Ben Buchanan got in touch a few weeks back, excited to let me know that after a long struggle over at News Digital Media, they’d got the Aus IT home page to validate. Other people over at NDM have written in the past about the long march between gathering together a team of enthusiastic and committed standards based developers and designers, and the reality of actually making web standards adoption happen across a massive site maintained by a large organisation, so I thought it was worth following up with Ben about how they’d finally reached this milestone.First a bit of background. Ben joined NDM (then News Interactive) in September 2006, starting as an “HTML Developer”. He’s now “Lead Frontend Developer (Mastheads)”.
Aus IT only validates reliably on the homepage right now and the third party video player isn’t included (that’s being replaced by the next version, not fixed; and it’s isolated in an iframe). Aus IT is the first NDM news(paper) website to validate, although NDM acquired Taste.com.au last year which, as far as Ben knows, was the first production NDM site to validate.
Maxine: You’ve recently reached a bit of a milestone, with the validation of the Aus IT Homepage, which, among other things, makes the site eligible for the McFarlane Prize. Do you want to talk me through the major issues that have stopped this happening before now?
Ben: The biggest issues were the very old code base (it was a table-based site when I joined NDM), the advertisement code and other invalid third-party code like stats tracking and video players.To give an example, the default ad placement code we receive introduces about 14 validation errors per advertisement. So the ads alone ensured the site could never validate or be eligible for the McFarlane Prize.You can’t just blithely change that code, either. You have to remember that online media industry pays its bills using display ad revenue. Pages have to have ads and traffic statistics are critical to showing advertisers they got what they paid for. So people would really prefer you didn’t touch that code unless you really need to!As well as that, our CMS does require editorial and sales staff to handle raw HTML at times. That’s not their primary skillset, so we provide them with cheat sheets to make it easier. But it does mean it’s an uncontrolled environment.
Maxine: What did you do to overcome these issues?
Maxine: Were there also institutional stumbling blocks? Got any tips on strategy for standardistas in other organisations?
Ben: Some tips for standardistas out there would be… Be persistent. Be an opportunist. Gather allies. Pick your battles.I think persistence is the key. It took 15 months and an entire rebuild to get the Aus IT homepage to validate. Being a standardista in a large organisation is a long game, not a quick win. If you’re running a blog or a small project website, you should be able to make it validate since you’re in control. But when you don’t call the shots, it’s a whole different game.The ad code thing ultimately came down to building trust with the various stakeholders. I think it’s often the case that technology isn’t the biggest issue, it’s the human factor. You’ve got to get people to agree to things before you can do them.What’s interesting is the things which motivate people. We actually got some leverage from the 2007 McFarlane Prize – because the site didn’t get anywhere! It gave us the opportunity to explain why the validation issues meant the site just wasn’t a contender. Web standards aren’t exciting to the average person, but everyone understands the desire to compete for awards.We also had an accessibility win during The Australian’s redevelopment. Our User Experience team arranged an on-site presentation and screen reader demonstration by a blind person. After that the Project Manager truly understood what we meant about standards and accessibility, in fact he was fired up and talking about an accessibility testing budget by the time he left the room. You can talk about this stuff all you like, but nothing beats putting a human face on it.The sheer size of the operation comes into play as well. With so many people involved in maintenance you need everyone to know what they’re doing. While we have been lucky to find lots of standards-aware developers, it still requires vigilance to keep things on track.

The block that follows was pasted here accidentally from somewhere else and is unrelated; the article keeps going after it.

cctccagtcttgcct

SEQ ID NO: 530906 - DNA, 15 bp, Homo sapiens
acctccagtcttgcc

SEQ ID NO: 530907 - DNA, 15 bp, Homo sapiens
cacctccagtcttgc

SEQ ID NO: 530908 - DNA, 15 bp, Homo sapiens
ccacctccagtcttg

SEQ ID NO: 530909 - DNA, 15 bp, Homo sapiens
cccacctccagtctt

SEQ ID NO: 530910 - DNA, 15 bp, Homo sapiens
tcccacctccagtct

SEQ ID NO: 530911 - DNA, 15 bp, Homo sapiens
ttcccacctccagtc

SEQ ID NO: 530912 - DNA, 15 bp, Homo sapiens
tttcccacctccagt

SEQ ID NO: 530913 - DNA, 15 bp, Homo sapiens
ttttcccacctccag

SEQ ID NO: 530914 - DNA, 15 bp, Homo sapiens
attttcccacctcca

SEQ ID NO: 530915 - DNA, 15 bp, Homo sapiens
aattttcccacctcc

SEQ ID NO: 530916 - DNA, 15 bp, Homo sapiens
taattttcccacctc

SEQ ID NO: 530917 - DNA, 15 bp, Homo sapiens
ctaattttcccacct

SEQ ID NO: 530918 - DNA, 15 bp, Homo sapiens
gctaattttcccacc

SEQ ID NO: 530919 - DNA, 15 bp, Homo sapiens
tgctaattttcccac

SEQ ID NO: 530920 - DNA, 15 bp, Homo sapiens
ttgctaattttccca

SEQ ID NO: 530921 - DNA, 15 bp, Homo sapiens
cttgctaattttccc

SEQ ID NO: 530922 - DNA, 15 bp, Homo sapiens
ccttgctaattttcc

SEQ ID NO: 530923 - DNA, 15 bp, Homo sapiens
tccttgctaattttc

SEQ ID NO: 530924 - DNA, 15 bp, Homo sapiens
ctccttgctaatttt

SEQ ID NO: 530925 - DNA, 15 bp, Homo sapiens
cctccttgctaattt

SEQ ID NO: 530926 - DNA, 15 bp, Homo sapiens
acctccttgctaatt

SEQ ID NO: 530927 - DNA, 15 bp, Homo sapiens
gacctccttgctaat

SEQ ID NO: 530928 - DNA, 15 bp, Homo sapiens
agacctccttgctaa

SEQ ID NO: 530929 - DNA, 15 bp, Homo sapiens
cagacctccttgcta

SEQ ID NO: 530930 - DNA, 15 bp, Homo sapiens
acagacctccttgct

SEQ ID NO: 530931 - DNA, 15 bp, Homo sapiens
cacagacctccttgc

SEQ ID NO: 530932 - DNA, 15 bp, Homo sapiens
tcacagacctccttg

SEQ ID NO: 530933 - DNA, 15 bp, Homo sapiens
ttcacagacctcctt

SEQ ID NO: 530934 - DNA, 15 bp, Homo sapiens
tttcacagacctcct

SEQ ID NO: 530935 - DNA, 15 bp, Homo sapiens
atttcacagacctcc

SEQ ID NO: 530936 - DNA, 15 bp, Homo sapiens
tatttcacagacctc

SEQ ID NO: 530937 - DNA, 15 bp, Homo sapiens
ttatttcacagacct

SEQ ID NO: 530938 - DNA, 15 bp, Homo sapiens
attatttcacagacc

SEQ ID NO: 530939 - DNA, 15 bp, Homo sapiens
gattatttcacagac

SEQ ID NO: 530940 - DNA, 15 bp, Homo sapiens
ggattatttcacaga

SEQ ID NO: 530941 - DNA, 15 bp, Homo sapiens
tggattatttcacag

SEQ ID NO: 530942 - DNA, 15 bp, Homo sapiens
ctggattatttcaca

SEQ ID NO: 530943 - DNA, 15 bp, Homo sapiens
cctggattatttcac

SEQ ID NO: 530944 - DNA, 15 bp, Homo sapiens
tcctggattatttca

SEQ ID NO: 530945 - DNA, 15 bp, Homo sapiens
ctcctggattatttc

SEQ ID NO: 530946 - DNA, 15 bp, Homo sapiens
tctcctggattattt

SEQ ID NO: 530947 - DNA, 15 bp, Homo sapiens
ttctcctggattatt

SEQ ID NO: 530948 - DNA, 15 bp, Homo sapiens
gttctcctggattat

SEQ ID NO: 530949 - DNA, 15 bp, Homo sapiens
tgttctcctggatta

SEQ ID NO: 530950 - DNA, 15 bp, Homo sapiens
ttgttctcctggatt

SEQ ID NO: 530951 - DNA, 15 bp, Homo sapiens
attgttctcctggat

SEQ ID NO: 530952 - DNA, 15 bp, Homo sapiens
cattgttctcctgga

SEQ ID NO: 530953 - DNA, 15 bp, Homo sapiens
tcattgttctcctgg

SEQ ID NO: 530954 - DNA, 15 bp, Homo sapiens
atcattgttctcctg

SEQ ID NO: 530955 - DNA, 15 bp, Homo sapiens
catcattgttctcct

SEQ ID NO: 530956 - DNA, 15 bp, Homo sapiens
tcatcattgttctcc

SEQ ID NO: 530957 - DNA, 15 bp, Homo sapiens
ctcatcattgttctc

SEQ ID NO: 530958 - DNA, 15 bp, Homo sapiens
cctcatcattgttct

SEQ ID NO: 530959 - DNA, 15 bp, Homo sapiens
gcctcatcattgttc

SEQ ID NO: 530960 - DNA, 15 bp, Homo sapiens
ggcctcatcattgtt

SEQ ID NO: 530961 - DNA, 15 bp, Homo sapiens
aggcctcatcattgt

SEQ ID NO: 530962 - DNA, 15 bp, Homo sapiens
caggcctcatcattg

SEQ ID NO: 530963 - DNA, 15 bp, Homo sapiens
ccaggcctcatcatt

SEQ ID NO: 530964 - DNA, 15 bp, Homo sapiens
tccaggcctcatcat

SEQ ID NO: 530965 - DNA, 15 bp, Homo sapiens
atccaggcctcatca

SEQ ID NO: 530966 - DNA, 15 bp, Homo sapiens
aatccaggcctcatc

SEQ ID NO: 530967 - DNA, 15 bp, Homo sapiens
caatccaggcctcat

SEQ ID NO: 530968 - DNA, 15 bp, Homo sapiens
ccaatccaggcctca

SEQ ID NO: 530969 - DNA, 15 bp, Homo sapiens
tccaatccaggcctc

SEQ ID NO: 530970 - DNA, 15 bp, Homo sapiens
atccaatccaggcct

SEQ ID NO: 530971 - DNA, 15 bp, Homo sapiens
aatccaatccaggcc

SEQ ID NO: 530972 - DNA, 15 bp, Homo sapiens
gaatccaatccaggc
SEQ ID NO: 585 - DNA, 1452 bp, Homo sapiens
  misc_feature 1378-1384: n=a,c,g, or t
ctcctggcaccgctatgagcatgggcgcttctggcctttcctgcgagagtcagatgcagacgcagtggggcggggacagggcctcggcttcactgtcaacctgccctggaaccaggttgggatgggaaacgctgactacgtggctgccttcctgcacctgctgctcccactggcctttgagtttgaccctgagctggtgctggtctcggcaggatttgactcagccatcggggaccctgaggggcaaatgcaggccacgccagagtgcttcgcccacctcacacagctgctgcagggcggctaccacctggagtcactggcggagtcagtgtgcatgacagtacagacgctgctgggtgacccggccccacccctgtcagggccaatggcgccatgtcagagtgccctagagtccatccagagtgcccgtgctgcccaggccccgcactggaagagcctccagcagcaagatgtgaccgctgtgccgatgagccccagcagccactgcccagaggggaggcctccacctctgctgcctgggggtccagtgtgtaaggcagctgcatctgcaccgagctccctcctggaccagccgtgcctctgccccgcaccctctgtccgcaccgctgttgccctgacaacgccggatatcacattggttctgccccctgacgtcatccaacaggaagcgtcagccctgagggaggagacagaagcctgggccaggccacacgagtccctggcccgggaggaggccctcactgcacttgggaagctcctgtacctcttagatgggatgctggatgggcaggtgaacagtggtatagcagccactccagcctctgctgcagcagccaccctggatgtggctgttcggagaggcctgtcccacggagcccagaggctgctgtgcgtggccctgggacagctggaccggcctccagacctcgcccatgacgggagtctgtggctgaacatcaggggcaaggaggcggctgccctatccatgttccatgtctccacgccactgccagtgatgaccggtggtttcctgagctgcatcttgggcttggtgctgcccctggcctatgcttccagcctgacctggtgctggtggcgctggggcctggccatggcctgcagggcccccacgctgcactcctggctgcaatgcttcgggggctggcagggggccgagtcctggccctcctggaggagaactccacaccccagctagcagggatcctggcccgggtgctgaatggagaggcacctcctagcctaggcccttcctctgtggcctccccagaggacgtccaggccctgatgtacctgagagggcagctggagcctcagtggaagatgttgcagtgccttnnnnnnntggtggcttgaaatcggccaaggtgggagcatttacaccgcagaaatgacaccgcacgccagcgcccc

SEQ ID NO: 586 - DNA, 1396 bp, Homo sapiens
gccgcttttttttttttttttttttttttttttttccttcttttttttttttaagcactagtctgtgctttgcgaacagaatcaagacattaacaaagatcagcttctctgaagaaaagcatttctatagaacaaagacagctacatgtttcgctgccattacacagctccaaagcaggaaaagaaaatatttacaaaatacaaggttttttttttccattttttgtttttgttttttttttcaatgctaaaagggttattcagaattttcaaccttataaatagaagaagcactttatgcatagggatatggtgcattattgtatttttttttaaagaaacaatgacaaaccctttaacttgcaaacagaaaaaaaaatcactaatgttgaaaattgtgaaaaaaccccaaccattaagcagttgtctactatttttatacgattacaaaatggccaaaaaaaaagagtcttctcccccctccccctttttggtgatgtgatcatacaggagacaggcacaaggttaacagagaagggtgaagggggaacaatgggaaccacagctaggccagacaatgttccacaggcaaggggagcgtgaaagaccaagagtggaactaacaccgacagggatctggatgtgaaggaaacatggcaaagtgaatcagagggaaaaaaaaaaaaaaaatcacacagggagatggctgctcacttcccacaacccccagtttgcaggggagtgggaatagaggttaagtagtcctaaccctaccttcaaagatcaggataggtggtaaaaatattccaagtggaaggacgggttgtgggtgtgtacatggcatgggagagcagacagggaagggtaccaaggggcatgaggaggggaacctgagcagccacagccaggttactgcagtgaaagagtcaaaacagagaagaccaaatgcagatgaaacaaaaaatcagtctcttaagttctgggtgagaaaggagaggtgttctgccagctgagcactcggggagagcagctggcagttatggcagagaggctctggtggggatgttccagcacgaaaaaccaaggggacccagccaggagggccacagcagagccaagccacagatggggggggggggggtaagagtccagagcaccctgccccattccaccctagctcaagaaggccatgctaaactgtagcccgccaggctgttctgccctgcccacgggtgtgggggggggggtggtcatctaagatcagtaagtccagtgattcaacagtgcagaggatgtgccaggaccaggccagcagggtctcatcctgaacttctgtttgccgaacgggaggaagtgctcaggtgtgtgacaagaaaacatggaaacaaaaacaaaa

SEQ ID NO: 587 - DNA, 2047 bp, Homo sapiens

Maxine: Ever onwards and upwards I’m sure. So, what’s next?
Ben:Absolutely, this is just the start. For Aus IT we still need to weed out the remaining errors. After that, we have an entire network of sites which are yet to validate. So the Australian IT homepage is a milestone, but it’s a long road.A really encouraging thing is that some of our third party vendors are getting the message that we want valid code. That hasn’t reached production yet, but we’ll keep pushing.
Maxine: What are some of the things you expect to see happening as more NDM sites do start to fully validate?
Ben:Valid markup is a really important base to work from – it makes it easier to maintain the sites, for one thing; which frees up time for Doing Cool Stuff. It also makes it easier to start considering things like widespread use of Microformats, running multiple stylesheets and so on. Multiple stylesheets may not be a new trick but it’s a really big one, particularly with the variety of web-enabled devices out there these days.
Maxine: Thanks Ben!